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‘The war has started. We’re losing’: Kerry apologises for ‘inexcusable’ lack of climate action under Trump

Louise Boyle
·4-min read
President Biden’s international climate envoy John Kerry called on the world to get serious about the climate crisis at the virtual World Economic Forum on Wednesday (REUTERS)
President Biden’s international climate envoy John Kerry called on the world to get serious about the climate crisis at the virtual World Economic Forum on Wednesday (REUTERS)

John Kerry said on Wednesday that the “war had started” when it comes to the climate crisis and right now, “we’re losing".

"We’re into the decisive decade for action and the reasons for urgency are all around us,” Mr Kerry, President Biden’s international climate envoy, told attendees at the World Economic Forum.

“We’re here because we can’t afford to lose any longer,” he added.

The forum, typically held in the glitzy Swiss ski resort of Davos, is instead a virtual event this year due to the pandemic.

The little Alpine town usually welcomes around 3,000 titans of business, political thinkers and state leaders, along with thousands of climate activists, demanding speedier action .Instead Mr Kerry spoke via video-screen.

The former secretary of state has been on something of an apology tour in the past week for the failures of the Trump administration on climate, vowing that the US would “do everything in our power to make up for it”.

Hours after taking office last week, President Biden rejoined the 2015 Paris Agreement to tackle the crisis.

Mr Kerry, who helped negotiate the accords, said the US was rejoining with “humility - and I really mean that…because we know we’ve had four years in which we were inexcusably absent”.

He pointed to President Biden’s commitment to tackling the crisis. Wednesday is “climate day” at the White House with the president issuing a stack of executive orders to more rapidly cut emissions.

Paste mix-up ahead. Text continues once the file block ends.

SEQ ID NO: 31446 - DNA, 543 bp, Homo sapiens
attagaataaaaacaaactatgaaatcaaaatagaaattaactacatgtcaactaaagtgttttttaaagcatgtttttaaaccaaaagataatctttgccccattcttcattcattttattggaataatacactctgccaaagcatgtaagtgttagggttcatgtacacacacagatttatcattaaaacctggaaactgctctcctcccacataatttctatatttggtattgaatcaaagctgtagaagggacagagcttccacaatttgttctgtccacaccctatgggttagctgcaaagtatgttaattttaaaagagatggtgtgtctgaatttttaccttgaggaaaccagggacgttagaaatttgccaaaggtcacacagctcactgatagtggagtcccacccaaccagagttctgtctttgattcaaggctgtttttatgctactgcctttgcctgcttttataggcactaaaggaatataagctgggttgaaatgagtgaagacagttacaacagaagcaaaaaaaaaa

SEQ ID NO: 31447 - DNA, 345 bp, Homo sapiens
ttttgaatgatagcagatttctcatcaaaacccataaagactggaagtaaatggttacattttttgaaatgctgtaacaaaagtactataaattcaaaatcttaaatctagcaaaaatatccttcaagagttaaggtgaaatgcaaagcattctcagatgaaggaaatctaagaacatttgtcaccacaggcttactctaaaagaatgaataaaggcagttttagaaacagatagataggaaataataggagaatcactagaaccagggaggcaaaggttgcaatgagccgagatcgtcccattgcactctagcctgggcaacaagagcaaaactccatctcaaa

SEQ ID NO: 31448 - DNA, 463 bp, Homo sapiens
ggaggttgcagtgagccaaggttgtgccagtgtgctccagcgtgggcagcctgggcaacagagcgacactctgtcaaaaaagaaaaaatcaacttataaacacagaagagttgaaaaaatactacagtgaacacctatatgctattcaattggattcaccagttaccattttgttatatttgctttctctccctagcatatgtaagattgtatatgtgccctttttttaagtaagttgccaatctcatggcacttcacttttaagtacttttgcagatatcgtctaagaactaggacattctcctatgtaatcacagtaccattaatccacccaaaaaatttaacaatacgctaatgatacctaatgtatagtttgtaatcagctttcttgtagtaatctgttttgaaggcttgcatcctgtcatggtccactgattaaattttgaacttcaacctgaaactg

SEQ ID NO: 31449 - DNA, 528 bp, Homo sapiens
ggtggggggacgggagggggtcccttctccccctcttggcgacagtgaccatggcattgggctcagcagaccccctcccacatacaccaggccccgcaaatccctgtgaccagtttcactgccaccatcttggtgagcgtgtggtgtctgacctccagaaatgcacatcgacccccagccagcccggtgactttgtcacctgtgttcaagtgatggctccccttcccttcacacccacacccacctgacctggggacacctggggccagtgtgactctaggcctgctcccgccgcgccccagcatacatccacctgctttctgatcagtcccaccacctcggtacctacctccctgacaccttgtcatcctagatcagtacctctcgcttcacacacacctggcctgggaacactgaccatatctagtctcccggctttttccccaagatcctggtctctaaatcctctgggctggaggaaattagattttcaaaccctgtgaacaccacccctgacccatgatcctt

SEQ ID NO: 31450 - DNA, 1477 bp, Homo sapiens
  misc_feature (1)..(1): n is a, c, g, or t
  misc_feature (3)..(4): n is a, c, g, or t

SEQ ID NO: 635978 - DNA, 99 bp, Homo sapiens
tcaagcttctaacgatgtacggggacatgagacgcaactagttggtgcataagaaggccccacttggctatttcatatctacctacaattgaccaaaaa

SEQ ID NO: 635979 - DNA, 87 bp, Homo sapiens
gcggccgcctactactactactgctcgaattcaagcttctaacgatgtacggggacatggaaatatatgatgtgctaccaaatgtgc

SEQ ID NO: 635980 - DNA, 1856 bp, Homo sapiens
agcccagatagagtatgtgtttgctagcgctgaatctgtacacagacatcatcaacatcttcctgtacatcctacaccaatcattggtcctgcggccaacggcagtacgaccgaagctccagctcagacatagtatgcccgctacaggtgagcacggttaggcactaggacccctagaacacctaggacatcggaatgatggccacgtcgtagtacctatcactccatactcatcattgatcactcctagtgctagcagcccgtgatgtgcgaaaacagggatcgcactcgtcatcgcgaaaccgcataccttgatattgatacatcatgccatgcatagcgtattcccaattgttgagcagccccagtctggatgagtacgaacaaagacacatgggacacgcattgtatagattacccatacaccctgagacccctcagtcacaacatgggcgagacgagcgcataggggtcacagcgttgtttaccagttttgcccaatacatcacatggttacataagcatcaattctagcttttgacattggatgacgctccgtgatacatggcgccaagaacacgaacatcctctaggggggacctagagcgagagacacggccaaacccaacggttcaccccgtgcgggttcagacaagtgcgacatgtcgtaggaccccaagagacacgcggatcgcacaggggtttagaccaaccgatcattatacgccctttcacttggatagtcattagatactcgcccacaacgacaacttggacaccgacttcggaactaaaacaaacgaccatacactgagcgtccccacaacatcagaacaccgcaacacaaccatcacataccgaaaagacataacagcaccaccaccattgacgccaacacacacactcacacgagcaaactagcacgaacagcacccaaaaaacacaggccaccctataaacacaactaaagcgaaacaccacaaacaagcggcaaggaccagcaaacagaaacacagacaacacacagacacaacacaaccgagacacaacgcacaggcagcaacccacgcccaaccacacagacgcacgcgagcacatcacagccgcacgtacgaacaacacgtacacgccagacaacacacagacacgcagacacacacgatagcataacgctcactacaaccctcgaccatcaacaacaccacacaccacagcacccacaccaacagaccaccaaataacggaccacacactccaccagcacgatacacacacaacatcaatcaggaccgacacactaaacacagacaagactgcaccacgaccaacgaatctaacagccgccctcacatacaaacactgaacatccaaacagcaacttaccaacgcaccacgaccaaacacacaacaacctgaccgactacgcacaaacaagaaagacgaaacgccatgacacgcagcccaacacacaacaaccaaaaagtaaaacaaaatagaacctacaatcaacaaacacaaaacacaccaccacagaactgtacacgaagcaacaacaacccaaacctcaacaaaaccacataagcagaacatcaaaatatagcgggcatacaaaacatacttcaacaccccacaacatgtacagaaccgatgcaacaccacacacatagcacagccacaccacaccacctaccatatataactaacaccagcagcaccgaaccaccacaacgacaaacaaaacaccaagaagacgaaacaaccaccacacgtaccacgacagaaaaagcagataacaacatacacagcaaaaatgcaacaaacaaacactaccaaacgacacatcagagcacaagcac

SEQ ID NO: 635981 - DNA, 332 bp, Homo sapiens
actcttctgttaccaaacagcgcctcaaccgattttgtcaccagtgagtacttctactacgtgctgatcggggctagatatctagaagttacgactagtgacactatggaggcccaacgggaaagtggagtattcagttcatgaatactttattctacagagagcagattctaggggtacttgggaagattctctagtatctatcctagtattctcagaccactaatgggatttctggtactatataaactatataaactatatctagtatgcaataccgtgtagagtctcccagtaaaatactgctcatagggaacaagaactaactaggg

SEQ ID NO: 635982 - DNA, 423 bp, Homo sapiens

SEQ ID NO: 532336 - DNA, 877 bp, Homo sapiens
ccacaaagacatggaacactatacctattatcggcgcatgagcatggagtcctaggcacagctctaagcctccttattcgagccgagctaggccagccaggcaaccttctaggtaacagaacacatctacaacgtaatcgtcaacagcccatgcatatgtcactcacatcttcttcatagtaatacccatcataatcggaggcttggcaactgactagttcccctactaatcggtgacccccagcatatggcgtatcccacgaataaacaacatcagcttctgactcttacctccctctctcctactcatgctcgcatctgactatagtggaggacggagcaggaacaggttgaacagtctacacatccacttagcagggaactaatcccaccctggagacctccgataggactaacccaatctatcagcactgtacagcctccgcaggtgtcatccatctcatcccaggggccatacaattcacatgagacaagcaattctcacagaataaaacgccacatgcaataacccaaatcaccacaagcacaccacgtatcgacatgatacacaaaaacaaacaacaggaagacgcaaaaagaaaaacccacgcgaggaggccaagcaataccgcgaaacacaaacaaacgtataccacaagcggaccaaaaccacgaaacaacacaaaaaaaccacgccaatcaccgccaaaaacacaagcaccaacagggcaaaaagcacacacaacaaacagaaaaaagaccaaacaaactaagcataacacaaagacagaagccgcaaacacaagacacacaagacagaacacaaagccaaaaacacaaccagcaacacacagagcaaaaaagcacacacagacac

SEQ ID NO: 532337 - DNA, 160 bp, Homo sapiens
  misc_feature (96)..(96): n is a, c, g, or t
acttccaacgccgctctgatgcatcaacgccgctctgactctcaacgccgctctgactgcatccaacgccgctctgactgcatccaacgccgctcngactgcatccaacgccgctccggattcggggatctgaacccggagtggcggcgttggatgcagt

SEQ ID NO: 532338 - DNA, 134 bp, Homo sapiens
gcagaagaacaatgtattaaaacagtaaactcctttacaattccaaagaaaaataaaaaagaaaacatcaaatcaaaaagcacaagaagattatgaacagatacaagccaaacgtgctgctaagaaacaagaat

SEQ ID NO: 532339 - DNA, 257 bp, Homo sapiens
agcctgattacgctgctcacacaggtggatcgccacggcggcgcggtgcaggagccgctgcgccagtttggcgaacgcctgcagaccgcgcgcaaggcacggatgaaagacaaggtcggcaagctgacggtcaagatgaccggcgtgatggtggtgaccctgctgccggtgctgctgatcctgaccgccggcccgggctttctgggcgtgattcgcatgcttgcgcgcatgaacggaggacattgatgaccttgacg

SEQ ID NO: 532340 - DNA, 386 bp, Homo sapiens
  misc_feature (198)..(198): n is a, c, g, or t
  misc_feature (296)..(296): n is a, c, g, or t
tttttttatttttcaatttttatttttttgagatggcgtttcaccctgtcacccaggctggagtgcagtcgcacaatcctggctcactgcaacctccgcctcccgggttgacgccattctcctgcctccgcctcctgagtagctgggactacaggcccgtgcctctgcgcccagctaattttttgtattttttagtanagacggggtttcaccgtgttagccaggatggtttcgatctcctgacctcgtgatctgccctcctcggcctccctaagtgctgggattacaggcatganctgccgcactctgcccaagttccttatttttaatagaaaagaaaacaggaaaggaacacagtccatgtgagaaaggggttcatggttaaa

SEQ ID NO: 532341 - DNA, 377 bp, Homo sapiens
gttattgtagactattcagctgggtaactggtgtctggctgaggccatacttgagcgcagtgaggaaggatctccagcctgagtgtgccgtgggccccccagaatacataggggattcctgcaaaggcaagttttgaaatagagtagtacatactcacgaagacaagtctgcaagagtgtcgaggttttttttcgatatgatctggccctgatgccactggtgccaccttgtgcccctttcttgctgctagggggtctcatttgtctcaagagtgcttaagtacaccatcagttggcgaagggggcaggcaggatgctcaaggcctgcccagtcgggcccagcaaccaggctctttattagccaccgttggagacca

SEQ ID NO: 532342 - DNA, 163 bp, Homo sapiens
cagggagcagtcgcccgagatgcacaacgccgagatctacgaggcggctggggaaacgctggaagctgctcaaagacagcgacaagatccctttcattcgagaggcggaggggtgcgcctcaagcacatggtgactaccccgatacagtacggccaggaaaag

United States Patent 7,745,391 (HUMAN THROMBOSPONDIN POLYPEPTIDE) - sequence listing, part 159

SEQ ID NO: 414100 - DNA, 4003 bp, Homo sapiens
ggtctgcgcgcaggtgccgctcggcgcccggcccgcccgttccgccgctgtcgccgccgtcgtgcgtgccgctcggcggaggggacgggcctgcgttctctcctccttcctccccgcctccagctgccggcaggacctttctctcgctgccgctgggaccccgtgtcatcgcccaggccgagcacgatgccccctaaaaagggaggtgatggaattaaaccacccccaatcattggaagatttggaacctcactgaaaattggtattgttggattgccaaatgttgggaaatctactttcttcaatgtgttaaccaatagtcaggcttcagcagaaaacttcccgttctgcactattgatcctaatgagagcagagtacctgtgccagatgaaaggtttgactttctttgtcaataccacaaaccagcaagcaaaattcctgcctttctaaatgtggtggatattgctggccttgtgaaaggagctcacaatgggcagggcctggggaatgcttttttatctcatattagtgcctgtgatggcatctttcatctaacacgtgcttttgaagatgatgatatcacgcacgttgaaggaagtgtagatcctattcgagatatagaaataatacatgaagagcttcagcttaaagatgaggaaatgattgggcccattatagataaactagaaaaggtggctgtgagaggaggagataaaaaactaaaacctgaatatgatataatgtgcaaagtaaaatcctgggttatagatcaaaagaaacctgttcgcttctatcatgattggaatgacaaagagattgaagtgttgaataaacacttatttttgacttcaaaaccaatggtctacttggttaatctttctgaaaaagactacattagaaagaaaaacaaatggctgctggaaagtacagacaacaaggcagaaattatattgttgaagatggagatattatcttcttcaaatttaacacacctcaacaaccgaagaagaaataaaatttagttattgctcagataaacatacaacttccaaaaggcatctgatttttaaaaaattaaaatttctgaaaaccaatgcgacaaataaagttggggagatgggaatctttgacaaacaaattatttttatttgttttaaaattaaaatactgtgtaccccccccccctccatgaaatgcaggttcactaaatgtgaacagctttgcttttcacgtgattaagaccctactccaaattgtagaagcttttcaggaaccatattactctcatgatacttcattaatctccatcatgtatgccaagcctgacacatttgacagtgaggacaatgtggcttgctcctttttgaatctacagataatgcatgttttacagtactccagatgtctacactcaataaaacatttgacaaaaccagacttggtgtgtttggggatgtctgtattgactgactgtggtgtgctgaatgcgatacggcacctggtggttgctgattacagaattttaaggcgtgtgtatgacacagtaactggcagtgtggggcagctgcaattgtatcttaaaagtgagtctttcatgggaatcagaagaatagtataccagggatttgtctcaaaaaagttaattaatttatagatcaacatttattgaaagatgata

On Monday Mr Kerry told the UN Climate Adaptation Summit, hosted virtually by the Netherlands, that work was underway on a new Nationally Determined Contribution (NDC) - each country’s target for reducing emissions - and that the US would announce as soon as “practicable”.

He also said that the US intended to “make good” on its climate finance pledge. As part of the Paris Agreement, former president Obama pledged $3bn toward the Green Climate Fund to help poorer countries adapt. Mr Trump withheld $2bn when he became president.

In 2019, 27 countries announced contributions totalling $9.8bn. The US refused to contribute.

But Mr Kerry noted that no single country’s domestic action could fix the crisis and that“the whole world has to come to the table to solve this problem” at the UN climate summit, COP26, in Glasgow this November.“Failure is not an option,” he added. The former secretary of state said it was time to get away from the “arguments of deniers or procrastinators” which equated tackling the crisis with a poorer quality of life. Instead, he said, climate change was an opportunity, pointing to the examples of Tesla, Mitsubishi and HeidelbergCement in developing zero-emissions technology. “The bottom line my friends is as a world we have yet to be really serious and do what we need to do,” he concluded, saying that both political will and the power of market forces were neededThe world is not acting fast enough to cut the greenhouse gas emissions that are rapidly-heating the planet. Climate scientists have said that average global temperature rise must be limited to 1.5C to avoid catastrophic consequences. The world is currently off track. Climate Action Tracker analyzed “optimistic” net-zero commitments of 127 countries and found that the median warming estimate is 2.1C. Read more: Follow live updates on the Biden administration On Tuesday Alok Sharma , the British president of COP26, told Davos that shared concern over the climate crisis could strengthen global cooperation.Diplomats fear that tensions in areas from U.S.-China trade to debt relief for developing countries could hinder progress at the talks.But the British hosts hope that growing awareness of the gravity of the threat might serve to foster a wider spirit of collaboration in other policy areas.“2021 is absolutely going to be a critical year for climate,” Mr Sharma said. “I want to see the golden thread of climate action woven through every international event on the road to Glasgow.The G7 summit is being held in Britain in June and a Commonwealth meeting in Rwanda the following week, and a G20 summit in Rome in October.

This article has been updated to reflect emissions projections

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